Led Zeppelin’s Houses of the Holy as a baseball lineupBy
“Our first speaker was born in the year 470 B.C., a time when much of the world looked like the Led Zeppelin album Houses of the Holy.”
– Ted “Theodore” Logan
Houses of the Holy is Led Zeppelin’s best album. The word “best,” of course, is highly subjective; whatever is considered best is usually a matter of opinion and therefore highly disputable. In this case, however, it holds pretty strong. Even the most talented and ambitious bands would have a hard time topping Houses of the Holy with a greatest hits compilation. From Track 1, The Song Remains the Same, through Track 8, The Ocean, the album straight rocks. Not a bad song on it — and I’d go even further and say there’s not even a just-decent song on it. When it comes to favorite albums of all time, this one is tops in my book.
On the train ride back to New York yesterday I listened to the album twice. While listening to The Ocean on the walk back to my apartment, I wondered how that album would play out as a baseball lineup. Surely it wouldn’t go in order — Song Remains the Same is too powerful to be a leadoff hitter, and there’s no way you waste a track like The Ocean hitting eighth. No, such an analysis requires a rearrangement of the tracks.
My only problem was that there are only eight tracks on the album. Eh, so NL lineups have eight real hitters. Just assume the pitcher’s hitting ninth.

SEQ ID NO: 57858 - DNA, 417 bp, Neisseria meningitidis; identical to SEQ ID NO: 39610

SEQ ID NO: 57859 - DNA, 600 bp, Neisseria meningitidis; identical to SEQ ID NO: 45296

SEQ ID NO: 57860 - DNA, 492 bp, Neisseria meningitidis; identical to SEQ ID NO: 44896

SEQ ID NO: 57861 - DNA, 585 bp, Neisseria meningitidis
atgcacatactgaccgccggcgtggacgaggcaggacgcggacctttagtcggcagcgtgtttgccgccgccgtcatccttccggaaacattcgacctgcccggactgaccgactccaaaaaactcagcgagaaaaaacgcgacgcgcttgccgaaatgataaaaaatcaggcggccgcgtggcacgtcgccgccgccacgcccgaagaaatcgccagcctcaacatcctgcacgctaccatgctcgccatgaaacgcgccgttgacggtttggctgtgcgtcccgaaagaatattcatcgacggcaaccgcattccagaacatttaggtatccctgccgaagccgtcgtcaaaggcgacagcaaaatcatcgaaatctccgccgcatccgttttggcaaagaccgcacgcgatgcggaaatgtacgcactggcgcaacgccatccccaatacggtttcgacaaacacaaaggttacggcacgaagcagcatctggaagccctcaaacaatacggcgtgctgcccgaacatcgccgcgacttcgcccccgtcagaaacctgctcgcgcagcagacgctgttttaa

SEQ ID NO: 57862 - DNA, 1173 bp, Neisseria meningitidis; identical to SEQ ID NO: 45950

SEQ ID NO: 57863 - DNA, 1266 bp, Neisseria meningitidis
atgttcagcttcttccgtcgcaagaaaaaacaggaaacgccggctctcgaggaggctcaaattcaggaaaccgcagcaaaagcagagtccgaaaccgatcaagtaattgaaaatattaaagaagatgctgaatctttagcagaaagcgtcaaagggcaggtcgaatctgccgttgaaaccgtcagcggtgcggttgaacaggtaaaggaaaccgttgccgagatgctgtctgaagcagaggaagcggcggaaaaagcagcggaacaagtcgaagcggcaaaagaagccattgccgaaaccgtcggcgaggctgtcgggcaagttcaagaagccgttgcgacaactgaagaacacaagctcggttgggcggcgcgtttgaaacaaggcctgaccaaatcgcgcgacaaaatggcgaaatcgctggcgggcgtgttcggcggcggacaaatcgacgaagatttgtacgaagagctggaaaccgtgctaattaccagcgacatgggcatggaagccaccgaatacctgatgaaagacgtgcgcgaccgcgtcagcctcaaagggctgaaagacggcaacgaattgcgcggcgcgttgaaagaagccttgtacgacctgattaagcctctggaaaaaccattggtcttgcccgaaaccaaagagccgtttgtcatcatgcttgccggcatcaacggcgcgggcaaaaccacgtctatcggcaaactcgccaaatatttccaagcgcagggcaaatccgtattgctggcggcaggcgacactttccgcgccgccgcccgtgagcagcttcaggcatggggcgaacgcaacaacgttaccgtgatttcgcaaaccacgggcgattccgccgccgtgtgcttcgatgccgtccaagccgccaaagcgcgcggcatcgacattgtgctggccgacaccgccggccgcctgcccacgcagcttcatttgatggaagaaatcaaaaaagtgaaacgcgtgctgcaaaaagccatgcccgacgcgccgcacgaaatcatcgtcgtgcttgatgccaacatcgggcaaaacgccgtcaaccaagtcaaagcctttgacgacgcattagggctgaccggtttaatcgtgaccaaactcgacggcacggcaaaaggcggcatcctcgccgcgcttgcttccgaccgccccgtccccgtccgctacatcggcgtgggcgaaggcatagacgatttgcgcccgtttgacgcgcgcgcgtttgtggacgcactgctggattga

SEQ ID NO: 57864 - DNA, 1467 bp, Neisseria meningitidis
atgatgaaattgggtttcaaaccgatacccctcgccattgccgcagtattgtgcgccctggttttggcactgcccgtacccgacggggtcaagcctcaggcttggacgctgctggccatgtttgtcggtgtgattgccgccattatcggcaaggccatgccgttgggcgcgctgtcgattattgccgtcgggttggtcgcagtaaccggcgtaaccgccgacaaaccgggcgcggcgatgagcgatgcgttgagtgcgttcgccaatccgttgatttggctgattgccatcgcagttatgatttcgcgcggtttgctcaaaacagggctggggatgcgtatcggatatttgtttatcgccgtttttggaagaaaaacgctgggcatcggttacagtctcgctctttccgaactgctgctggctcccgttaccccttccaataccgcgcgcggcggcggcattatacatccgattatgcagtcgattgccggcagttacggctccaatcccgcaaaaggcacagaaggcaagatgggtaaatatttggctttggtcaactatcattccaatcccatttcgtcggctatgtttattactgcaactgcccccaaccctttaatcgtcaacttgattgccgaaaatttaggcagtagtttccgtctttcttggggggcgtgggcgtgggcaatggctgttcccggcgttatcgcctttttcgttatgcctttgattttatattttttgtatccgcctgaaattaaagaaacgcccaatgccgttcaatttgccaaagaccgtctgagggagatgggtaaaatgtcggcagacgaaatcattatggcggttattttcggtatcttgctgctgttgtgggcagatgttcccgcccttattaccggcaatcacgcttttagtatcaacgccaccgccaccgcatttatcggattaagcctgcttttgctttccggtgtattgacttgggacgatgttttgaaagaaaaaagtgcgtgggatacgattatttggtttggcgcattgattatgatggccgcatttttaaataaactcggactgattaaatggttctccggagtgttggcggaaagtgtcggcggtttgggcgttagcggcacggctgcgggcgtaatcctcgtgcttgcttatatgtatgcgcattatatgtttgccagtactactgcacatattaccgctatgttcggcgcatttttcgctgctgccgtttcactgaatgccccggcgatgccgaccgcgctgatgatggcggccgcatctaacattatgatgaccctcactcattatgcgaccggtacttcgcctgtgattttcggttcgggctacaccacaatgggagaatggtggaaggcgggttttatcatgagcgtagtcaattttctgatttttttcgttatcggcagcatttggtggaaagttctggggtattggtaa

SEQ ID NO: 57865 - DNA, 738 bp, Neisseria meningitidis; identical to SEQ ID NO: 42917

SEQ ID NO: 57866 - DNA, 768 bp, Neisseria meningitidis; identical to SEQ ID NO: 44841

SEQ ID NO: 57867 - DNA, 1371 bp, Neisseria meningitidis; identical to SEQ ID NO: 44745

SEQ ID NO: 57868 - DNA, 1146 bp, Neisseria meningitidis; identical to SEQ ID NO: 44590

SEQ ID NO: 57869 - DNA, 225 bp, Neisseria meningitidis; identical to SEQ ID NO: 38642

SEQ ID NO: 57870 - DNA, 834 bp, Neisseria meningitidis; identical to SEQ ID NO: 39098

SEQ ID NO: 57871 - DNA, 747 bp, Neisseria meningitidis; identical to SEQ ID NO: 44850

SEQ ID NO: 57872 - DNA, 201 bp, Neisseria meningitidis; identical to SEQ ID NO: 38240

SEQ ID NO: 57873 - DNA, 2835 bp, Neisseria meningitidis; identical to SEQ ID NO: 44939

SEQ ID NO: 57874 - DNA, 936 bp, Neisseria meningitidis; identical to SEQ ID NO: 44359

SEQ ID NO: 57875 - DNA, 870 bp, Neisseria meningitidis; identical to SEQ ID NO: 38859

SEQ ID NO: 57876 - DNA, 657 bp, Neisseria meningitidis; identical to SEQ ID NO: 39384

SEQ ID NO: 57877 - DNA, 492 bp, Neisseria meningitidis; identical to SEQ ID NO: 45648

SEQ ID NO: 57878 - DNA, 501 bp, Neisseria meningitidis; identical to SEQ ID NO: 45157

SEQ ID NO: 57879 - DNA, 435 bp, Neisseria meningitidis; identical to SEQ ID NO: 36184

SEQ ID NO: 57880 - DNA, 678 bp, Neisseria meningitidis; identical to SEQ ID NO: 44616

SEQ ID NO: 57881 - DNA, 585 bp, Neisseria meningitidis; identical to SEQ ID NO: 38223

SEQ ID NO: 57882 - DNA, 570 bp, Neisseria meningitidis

The criteria wasn’t easy to determine. Clearly, the more powerful tracks, including power ballads, are the power hitters. The songs you can listen to over and over and over again are your on-base guys. Faster songs could signify speed, but I wouldn’t want to lump slower songs into the slower hitter category, so I didn’t take this into account (and really, there aren’t any blazing songs on the album anyway). Basically, I listed the songs in order of how awesome I consider them, and then moved them around for nuance — like how The Book looks at lineups. So, without further ado:
1. The Ocean
One of the best rock riffs on the album, if not the very best. True to the statement above about OBP, I’ve listened to The Ocean more times than any other song on the album, mainly because live versions of it take rocking to a whole new level. It’s got power in that it’s one of the heavier songs on the album, but it’s not a big time power-hitter like the songs you’ll see in the Nos. 4 and 5 spots.
2. Over the Hills and Far Away
Even if you’re not a Zep fan, you probably know Over the Hills and Far Away. It’s one of their most visible songs after Stairway to Heaven (No Stairway. Denied!). You might also know it from douchebag acoustic guitar players who play the opening lick and that’s it. Anyway, this is a No. 2 hitter like Mark Teixeira was in The Book analysis. One of the top three hitters on the team, but since it has some power it doesn’t lead off. This one obviously has tons of replay value, too.
3. The Crunge
Where’s that confounded bridge? This is definitely the weirdest song on the album, and a personal favorite of mine. It’s all funk front to back, featuring two licks that repeat throughout (hence Plant asking where is the bridge). Also, the horn/synth on the song sounds so absurd, yet it fits in so so well. The drums are John Bonham at his finest — and that says a lot, since he had one of the best/fastest snare hands in the biz.
4. The Song Remains the Same